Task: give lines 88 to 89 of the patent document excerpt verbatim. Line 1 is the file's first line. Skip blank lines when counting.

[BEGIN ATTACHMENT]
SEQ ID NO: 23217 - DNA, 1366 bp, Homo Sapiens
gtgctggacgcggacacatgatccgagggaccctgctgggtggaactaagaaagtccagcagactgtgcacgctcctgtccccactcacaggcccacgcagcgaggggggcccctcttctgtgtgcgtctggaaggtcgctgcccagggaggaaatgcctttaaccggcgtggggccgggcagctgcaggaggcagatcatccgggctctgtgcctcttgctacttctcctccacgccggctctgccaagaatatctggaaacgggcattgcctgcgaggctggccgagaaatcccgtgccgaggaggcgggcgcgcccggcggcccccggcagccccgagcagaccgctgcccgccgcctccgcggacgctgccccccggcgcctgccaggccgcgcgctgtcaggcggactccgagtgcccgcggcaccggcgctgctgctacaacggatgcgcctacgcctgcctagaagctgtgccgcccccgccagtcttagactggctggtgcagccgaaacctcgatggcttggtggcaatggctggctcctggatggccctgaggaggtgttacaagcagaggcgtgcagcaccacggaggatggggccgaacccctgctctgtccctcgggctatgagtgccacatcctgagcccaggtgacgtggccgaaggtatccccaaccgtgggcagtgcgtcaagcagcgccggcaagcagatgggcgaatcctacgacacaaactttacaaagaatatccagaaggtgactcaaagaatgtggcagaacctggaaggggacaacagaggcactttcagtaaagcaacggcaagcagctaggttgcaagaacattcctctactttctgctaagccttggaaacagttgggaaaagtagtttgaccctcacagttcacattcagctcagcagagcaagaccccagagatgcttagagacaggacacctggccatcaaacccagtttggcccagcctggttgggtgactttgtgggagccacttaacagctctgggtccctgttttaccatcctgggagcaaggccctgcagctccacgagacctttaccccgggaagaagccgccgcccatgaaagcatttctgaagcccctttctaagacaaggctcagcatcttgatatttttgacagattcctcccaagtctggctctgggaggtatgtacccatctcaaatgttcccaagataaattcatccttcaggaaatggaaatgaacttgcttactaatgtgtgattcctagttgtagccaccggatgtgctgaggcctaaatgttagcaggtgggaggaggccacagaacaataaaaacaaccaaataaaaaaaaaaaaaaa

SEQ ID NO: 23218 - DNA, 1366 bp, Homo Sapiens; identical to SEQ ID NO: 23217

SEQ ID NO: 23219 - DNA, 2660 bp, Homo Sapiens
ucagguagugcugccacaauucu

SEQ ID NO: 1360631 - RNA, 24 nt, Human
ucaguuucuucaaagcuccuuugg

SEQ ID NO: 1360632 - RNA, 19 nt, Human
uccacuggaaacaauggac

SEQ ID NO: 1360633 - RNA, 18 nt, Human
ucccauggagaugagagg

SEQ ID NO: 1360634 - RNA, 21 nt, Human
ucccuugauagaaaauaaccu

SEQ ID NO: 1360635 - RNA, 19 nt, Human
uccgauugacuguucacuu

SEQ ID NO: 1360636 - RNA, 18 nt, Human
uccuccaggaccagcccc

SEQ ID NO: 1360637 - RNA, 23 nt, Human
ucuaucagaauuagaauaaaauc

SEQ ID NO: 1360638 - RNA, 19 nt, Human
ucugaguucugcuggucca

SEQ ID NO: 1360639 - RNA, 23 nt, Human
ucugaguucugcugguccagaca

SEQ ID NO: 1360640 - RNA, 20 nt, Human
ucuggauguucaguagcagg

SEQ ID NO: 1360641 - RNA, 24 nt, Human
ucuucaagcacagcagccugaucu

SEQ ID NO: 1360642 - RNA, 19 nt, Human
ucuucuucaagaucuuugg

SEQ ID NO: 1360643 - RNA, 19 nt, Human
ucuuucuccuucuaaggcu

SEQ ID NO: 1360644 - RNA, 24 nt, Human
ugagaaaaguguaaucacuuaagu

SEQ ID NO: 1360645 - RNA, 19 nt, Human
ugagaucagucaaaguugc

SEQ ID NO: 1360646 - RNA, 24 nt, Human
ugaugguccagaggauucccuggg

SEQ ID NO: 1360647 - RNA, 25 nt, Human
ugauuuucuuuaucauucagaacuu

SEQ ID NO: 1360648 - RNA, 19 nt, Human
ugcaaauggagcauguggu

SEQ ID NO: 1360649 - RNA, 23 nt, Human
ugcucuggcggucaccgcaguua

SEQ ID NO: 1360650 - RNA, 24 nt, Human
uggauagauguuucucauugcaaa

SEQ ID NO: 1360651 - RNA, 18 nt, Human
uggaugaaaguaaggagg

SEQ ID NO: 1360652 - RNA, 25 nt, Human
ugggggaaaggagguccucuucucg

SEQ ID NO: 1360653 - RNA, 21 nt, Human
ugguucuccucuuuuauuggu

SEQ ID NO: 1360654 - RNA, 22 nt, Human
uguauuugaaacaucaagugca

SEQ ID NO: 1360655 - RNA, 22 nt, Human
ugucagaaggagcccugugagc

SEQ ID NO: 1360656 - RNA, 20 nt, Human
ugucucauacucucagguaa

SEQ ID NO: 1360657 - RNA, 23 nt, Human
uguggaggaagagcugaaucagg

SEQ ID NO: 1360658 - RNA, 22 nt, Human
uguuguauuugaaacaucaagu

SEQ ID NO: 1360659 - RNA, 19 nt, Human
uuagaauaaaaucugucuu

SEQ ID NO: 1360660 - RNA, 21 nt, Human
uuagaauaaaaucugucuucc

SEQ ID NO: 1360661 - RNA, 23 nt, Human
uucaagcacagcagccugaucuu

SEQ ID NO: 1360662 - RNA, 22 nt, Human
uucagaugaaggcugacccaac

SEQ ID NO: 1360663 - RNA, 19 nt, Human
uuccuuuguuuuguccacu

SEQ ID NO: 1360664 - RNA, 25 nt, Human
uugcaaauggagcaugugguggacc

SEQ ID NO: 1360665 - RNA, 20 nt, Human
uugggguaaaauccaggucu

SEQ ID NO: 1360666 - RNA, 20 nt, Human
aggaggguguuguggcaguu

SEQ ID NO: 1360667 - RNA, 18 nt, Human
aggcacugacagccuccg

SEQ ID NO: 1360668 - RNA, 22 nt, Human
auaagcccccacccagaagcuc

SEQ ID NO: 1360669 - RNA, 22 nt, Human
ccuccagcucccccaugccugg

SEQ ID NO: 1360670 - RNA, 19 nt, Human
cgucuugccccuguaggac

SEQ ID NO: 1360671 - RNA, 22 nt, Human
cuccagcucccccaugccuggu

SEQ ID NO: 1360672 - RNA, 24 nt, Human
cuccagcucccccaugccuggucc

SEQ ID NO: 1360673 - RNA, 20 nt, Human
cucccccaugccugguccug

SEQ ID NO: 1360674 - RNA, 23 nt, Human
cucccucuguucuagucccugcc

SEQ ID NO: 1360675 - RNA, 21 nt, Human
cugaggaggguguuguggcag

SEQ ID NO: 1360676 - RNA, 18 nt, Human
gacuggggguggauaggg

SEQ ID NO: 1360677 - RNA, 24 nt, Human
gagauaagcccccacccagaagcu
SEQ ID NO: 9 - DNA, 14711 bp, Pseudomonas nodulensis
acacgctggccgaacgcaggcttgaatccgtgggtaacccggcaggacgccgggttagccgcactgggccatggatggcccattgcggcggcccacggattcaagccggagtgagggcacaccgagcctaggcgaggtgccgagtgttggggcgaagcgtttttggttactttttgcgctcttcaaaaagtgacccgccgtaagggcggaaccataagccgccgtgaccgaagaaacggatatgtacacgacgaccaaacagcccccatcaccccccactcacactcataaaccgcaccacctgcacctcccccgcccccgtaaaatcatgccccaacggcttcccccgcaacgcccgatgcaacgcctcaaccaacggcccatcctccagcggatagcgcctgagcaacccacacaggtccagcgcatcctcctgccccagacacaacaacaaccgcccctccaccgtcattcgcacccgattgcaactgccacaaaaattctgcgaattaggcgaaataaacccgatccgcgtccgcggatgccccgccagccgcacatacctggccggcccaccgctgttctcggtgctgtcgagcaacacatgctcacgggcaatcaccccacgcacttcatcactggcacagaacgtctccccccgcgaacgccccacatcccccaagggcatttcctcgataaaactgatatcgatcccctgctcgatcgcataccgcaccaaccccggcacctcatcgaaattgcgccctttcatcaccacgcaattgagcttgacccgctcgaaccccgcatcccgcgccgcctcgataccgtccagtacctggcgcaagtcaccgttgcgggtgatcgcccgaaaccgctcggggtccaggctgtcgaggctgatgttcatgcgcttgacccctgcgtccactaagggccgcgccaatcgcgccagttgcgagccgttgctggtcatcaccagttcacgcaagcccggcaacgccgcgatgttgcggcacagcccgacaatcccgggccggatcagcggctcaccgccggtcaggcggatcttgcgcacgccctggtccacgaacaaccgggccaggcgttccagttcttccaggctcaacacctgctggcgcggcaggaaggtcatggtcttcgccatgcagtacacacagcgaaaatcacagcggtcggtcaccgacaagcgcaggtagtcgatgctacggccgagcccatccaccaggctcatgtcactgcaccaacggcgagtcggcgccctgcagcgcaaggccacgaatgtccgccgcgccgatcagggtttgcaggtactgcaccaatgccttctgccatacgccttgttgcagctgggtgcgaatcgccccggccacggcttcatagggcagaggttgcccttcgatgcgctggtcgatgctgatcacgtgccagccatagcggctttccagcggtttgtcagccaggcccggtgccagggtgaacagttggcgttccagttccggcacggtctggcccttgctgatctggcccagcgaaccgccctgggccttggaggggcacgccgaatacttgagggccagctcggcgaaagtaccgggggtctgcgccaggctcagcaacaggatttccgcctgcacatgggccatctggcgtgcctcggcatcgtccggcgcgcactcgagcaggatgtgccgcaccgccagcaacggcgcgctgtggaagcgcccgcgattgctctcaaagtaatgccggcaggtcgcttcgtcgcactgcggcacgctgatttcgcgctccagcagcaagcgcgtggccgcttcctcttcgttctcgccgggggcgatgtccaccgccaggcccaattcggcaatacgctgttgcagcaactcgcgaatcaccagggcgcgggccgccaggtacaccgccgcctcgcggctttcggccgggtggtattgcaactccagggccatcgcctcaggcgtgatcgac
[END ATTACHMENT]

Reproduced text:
SEQ ID NO: 1360672 - RNA, 24 nt, Human
cuccagcucccccaugccuggucc